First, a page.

So, I had all these plums left from several weeks of eating them and they were not going to get any fresher so figured on taking the opportunity to try out a new recipe... or should I say, try out a recipe I have not played with before.
However... things do not always go as planned and today I figured on using a mess of recipes to create a damson pie.
My sources for this mostly came from the 1590's with: The Good Housewife's Jewell, A Book of Cookrye and the Good Housewife Handmaide.
All the recipes have:
- Cook the plums
- strain the plums
- season the strain plums
- Bake them in a an open tart
- to cook the plums first by either boiling or scalding
- To first cook the plums in either wine or rose water
- some make sure to have the paste baked before, one does not specify
- two suggest that cream should be added before being boiled to thicken it
- one does not suggest boiling the strain plums afterwards
What I ended up doing was to take about 28 plums and fill up a pot with them, in this I added enough wine to almost come up to half and then I set it to boil until the plums looked puffed and translucent. Then I took them out and strained it all through a sieve. (Out of all the plums, I ended up with a bit over a 1/2 pound in waste.)
I then set the strained plums to boil till thick, however they have been cooking for some time and they are still more a sauce than something I would imagine being in a pie. Once I did manage to get them somewhat like a soft apple sauce consistency, I added 1/2 cup of sugar with 1tsp of cinnamon and ginger each... however I may increase the spices yet.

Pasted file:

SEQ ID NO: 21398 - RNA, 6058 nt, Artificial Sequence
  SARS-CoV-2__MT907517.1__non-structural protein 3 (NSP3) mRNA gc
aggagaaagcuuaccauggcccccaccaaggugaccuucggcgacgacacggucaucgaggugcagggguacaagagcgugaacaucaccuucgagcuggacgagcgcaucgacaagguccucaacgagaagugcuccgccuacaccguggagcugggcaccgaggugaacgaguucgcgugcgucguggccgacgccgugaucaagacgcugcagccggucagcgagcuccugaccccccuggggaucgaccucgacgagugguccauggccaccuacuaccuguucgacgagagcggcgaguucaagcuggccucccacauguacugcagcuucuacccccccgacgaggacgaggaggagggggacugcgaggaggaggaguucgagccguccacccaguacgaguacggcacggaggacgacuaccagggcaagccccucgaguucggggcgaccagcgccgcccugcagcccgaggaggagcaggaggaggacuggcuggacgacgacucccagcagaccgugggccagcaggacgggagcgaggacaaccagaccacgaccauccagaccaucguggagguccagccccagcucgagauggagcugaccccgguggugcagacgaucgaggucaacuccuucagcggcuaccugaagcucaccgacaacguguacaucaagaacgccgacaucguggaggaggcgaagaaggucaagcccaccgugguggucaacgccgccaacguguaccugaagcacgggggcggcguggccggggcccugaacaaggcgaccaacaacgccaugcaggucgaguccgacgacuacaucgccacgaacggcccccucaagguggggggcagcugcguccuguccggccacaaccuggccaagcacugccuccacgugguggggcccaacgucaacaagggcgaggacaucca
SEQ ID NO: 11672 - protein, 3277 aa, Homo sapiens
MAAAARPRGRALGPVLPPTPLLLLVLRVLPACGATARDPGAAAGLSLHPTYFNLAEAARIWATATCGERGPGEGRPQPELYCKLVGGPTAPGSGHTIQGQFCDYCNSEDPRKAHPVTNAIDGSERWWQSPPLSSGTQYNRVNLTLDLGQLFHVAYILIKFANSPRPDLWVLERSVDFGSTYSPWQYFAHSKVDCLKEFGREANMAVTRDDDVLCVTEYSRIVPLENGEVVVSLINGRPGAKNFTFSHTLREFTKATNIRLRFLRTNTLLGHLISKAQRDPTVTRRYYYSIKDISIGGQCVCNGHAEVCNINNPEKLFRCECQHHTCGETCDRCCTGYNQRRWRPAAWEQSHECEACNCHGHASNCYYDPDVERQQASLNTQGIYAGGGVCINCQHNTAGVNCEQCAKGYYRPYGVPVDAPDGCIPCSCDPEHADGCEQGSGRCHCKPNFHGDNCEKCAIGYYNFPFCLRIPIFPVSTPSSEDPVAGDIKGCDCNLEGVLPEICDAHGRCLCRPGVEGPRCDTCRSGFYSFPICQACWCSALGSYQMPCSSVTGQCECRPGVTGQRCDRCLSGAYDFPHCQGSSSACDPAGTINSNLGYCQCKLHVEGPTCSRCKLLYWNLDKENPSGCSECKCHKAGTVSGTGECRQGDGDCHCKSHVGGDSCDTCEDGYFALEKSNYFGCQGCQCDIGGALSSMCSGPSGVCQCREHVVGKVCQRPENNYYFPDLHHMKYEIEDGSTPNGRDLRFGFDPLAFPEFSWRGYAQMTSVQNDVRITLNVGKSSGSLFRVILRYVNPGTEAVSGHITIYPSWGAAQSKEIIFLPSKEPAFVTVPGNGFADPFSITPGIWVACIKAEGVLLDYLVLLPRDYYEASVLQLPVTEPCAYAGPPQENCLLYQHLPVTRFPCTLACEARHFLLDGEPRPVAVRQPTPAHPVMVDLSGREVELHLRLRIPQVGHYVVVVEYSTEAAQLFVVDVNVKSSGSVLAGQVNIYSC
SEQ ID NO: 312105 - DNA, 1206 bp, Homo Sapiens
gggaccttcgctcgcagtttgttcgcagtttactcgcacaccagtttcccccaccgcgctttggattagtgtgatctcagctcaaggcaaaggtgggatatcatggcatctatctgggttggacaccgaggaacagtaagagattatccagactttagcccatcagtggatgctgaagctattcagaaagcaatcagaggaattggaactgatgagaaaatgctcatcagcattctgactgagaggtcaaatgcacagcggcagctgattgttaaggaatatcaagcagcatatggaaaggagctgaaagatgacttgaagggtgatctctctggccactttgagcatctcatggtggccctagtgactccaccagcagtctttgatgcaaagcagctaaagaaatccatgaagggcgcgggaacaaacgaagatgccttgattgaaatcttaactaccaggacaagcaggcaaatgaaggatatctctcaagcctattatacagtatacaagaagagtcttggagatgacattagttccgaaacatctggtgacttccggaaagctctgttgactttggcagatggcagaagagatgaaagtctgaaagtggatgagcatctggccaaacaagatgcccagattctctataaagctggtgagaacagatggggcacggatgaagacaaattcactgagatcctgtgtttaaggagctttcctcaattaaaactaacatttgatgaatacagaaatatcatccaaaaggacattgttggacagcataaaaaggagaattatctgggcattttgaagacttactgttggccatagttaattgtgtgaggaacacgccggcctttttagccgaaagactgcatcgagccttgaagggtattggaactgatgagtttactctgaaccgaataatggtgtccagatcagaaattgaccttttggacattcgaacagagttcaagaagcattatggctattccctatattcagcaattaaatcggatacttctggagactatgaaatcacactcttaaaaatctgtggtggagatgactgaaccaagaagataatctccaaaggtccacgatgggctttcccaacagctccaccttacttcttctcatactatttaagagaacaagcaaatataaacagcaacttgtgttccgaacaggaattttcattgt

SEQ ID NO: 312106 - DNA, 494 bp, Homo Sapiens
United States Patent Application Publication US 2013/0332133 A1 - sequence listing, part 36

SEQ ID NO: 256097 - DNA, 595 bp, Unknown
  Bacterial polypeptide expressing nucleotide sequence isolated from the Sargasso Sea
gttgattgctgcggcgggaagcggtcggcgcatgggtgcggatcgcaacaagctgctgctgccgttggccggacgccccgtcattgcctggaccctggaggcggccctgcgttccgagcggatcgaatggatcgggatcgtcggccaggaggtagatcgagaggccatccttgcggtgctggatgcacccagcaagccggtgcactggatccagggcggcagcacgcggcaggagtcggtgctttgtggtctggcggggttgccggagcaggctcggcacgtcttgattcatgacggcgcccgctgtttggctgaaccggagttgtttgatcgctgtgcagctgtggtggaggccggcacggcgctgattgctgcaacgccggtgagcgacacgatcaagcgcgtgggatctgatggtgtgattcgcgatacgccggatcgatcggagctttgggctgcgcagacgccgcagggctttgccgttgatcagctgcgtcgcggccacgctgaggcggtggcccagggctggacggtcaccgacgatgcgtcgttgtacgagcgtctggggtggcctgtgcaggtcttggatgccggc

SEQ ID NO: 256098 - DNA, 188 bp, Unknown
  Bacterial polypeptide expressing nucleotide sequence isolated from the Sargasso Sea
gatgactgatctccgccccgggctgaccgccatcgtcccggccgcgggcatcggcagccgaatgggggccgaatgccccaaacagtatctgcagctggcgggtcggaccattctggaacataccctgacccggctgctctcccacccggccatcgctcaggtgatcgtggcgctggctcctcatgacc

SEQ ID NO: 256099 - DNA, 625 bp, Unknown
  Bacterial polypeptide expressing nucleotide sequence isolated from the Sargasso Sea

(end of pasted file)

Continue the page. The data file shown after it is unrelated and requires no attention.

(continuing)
It is still very much not like I would expect, however... so am now including the possibility of another recipe from a somewhat earlier date a few decades earlier. The source for this coming from "A Proper newe Booke of Cokerye" which proceeds as thus:
- boil the plums in either red wine (or claret)
- thicken with half a dozen pears (am guessing cooked and strained as well) or use white bread (guessing this is to be grated and strained with the plums)
- this is strained together with six egg yolks and butter
To me, this last recipe sounds far superior as a pie filling but is quite different than the ones above and I am now considering creating a completely new recipe from the two where I could have an additional thickening agent but also have the sugar and spices, which could have just as easily been added to the earlier one.
It does seem somewhat reasonable to look at some other suggestions for pies in general for a comparison that could possibly draw the two recipes together.